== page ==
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Hemolytic anemias

Hereditary spherocytosis
G6PD deficiency

Erythrocyte membrane
15 major proteins
Integral
Cross lipid bilayer
Glycophorins, Rh proteins, band 3, ATP-ases

Peripheral
Inside the lipid bilayer (Membrane skeleton)
Membrane skeleton provides support to lipid bilayer
Spectrin is major protein of membrane skeleton
Alpha and beta chains
These chains intertwine to form heterodimers

Ankyrin binds spectrin to Band 3

Erythrocyte membrane

Erythrocyte membrane defects


Spherocytes
Hereditary spherocytosis
Autoimmune hemolysis

Elliptocytes
Hereditary elliptocytosis

Poikilocytes
Hereditary elliptocytosis

Stomatocytes
Vinca alkaloids, Alcohol

Target cells
Iron deficinecy,
Thalassemias
Hepatic dysfunction

Acanthocytes
Abetalipoprotienemia

Echinocytes
Uremia
Vitamin K deficiency

Normal RBCs

Hereditary spherocytosis
Erythrocyte membrane disorder characterized by

Loss of vertical interaction of erythrocyte membrane


RBCs assume a spherical shape
Spherical RBCs are sequestered by intact spleen
Intact spleen enlarges, and destroys RBCs (Hemolysis)
This leads to anemia, jaundice, splenomegaly
Peripheral smear shows spherical RBCs
Spherical RBCs are fragile (increased osmotic fragility)
RBC life span is about 10-20 days

Mostly autosomal dominant (75%)

Normal

membrane

cytoskeleton
Hereditary spherocytosis

Hereditary spherocytosis: Pathogenesis


Molecularly heterogenous disorder
Membrane defects

Spectrin deficiency
Ankyrin deficiency
Band 3 deficiency
Combined deficiency

Erythrocyte abnormalities
Increased Na and K flux across membrane
RBCs are dehydrated, and less deformable
This makes RBCs more fragile

Hereditary spherocytosis: Pathogenesis


Splenic sequestration
Spherocytes are unable to move through splenic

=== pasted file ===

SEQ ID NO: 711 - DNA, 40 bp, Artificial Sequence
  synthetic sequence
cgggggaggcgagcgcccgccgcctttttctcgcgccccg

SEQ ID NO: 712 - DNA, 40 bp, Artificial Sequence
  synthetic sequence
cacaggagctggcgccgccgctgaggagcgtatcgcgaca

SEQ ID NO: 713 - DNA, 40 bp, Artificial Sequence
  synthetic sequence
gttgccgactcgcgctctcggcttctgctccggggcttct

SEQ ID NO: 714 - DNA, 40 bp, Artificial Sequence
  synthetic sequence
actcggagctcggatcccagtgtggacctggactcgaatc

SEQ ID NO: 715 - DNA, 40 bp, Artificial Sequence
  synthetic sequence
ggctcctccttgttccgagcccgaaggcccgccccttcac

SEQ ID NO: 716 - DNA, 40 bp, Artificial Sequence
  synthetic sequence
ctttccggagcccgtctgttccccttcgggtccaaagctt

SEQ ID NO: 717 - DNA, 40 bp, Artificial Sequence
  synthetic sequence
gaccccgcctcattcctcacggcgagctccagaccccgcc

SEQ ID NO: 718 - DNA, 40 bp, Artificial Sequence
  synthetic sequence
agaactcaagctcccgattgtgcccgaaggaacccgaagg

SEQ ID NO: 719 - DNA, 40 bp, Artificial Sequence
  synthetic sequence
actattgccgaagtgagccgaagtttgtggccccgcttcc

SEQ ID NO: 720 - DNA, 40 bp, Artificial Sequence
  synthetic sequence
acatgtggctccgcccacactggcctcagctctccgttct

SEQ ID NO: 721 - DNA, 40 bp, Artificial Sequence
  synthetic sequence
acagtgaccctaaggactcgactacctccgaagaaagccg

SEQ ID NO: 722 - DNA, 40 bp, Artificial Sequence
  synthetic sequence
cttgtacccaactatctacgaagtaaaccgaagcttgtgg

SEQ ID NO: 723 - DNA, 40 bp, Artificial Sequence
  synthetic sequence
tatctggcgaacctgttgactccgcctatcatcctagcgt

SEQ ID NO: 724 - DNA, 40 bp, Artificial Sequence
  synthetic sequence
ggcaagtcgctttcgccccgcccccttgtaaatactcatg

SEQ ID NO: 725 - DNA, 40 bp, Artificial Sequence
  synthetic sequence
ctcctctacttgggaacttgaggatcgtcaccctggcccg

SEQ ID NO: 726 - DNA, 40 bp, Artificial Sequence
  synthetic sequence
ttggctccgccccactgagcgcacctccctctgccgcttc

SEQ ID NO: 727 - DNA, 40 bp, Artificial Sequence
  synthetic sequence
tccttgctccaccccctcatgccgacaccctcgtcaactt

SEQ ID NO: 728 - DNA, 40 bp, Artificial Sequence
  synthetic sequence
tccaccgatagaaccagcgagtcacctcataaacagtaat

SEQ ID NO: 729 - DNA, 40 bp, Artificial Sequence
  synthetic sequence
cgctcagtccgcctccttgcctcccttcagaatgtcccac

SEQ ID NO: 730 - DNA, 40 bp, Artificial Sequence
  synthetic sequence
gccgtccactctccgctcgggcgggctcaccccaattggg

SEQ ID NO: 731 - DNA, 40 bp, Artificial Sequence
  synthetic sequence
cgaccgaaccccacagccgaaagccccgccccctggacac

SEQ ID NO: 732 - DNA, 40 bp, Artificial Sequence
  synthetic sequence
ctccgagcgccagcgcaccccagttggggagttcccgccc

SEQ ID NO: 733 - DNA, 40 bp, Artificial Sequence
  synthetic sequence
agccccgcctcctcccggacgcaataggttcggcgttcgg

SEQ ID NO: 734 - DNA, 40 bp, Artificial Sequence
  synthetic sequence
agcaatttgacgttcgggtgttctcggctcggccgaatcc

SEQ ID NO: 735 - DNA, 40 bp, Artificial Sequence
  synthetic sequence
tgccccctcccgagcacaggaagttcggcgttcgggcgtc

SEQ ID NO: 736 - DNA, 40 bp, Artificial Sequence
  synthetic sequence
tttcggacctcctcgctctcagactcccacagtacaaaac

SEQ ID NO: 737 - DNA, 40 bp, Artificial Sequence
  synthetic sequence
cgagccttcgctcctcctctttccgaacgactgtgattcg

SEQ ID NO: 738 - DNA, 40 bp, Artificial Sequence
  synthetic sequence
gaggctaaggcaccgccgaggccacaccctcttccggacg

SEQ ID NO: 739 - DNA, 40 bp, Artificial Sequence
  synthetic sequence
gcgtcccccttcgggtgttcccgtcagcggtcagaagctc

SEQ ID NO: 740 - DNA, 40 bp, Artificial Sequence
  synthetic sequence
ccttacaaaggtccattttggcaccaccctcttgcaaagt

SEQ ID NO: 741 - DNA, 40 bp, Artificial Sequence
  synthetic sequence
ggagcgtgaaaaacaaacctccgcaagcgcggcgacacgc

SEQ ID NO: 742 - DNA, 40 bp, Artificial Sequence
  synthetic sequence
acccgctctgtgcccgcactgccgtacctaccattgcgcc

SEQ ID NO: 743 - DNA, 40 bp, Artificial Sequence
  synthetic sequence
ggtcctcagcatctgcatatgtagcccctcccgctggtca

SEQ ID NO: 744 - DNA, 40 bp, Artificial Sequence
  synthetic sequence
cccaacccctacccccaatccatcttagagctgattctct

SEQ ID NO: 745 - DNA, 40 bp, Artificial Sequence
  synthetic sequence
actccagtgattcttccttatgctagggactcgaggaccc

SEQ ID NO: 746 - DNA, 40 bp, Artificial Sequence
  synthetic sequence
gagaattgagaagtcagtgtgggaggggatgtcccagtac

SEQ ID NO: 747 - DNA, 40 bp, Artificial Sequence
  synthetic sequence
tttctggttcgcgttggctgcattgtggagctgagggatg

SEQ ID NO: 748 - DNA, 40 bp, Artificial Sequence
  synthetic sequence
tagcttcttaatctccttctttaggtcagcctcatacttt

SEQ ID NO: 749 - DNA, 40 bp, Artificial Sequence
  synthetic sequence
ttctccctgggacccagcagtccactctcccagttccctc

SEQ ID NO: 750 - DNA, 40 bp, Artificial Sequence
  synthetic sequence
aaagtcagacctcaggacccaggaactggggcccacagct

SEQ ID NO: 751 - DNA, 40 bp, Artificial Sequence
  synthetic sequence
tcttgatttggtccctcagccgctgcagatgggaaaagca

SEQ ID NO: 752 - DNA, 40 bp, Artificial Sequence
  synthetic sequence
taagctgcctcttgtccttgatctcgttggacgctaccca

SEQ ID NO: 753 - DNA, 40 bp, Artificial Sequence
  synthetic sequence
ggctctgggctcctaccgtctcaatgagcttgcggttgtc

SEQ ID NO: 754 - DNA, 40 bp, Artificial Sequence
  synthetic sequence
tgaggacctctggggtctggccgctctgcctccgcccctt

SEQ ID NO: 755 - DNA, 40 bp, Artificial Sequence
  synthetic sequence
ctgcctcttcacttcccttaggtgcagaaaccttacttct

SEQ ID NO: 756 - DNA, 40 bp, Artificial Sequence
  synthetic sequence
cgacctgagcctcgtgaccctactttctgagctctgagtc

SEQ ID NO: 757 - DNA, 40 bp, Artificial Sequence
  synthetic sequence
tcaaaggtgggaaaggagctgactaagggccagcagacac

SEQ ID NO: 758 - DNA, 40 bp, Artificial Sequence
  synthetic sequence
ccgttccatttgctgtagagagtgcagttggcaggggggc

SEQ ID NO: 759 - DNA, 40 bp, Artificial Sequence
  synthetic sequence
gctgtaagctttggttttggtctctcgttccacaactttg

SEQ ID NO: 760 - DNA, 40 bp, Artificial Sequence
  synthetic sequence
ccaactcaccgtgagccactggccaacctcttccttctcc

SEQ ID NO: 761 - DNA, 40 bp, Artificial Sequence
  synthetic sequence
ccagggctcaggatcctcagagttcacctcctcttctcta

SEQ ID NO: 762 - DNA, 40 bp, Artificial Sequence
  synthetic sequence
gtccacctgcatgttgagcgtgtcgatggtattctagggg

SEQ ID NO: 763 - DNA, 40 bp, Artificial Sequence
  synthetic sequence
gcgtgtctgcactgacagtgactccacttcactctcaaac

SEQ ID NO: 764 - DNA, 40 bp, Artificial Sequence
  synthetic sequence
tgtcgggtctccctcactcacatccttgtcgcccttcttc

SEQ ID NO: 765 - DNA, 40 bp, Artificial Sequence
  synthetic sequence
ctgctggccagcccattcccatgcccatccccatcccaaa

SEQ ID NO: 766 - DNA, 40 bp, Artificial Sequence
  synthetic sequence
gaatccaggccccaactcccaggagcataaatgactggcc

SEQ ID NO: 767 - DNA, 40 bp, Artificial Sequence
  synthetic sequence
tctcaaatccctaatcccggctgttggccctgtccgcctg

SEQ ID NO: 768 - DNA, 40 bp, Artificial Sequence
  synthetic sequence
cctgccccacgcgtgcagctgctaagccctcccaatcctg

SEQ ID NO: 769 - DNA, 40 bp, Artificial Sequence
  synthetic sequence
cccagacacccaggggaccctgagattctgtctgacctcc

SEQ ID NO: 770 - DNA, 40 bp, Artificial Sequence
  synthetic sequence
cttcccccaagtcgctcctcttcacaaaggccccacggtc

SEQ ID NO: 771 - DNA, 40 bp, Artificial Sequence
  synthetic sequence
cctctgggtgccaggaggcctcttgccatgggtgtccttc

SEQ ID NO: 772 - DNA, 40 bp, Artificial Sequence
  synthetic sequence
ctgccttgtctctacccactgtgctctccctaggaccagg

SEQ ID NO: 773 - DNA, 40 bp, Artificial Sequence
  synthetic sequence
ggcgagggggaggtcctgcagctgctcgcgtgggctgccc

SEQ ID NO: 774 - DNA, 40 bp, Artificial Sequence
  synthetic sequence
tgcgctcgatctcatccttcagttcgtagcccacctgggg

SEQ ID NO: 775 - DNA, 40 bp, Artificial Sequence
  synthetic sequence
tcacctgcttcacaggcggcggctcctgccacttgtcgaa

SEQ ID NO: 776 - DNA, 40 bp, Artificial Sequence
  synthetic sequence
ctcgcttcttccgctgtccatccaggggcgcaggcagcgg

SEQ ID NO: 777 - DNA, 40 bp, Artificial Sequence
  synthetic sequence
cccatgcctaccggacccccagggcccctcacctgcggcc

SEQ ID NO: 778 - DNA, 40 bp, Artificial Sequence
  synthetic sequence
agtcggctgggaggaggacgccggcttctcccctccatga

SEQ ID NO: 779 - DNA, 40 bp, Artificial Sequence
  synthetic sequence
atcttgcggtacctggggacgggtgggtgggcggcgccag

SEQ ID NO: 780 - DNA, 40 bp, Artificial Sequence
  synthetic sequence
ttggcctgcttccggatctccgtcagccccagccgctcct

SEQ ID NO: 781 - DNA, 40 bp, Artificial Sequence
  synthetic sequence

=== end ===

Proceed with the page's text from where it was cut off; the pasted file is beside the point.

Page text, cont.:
sinusoids due to impaired deformability
These abnormal cells get entrapped and then
lysed
If spleen is removed, hemolysis does not take
place.

Pathogenesis of HS
Spectrin,ankyrin,band 3 defect
Decreased spectrin incorporation into
membrane/band 3 deficiency
Destabilisation of lipid bilayer
Microspherocytosis-Decreased RBC deformability
Stagnation in splenic cords and contact with
macrophages
Phagocytosis of spherocytes/Conditioning of
spherocytes
Further loss of membrane surface area

Pathogenesis of HS

ATP depletion
Increased glycolysis
Decreased 2,3 dpg,Ph falls
Passive cation leak
Increased Na/K Pump activity
Water leak and cell dehydration

Clinical features
Pallor
Icterus
Splenomegaly

Lab findings
Peripheral Smear :
Spherocytes
Reticulocytosis
Nucleated RBCs
Bone marrow :
Erythroid hyperplasia
Serum Iron Increased
Decreased MCV,Increased MCHC
Hemosiderosis
Unconjugated bilirubin increased
Osmotic fragility test - hemolysis

Spherocytes
Formed by partial phagocytosis
Decreased deformability
Denser, smaller (in appearance!), round RBC
without central pallor

100

% of hemolysis

75
50
25

80 70 60 50 40

30

% of NaCl

20

10

Molecular studies
Quantification of major proteins using PAGE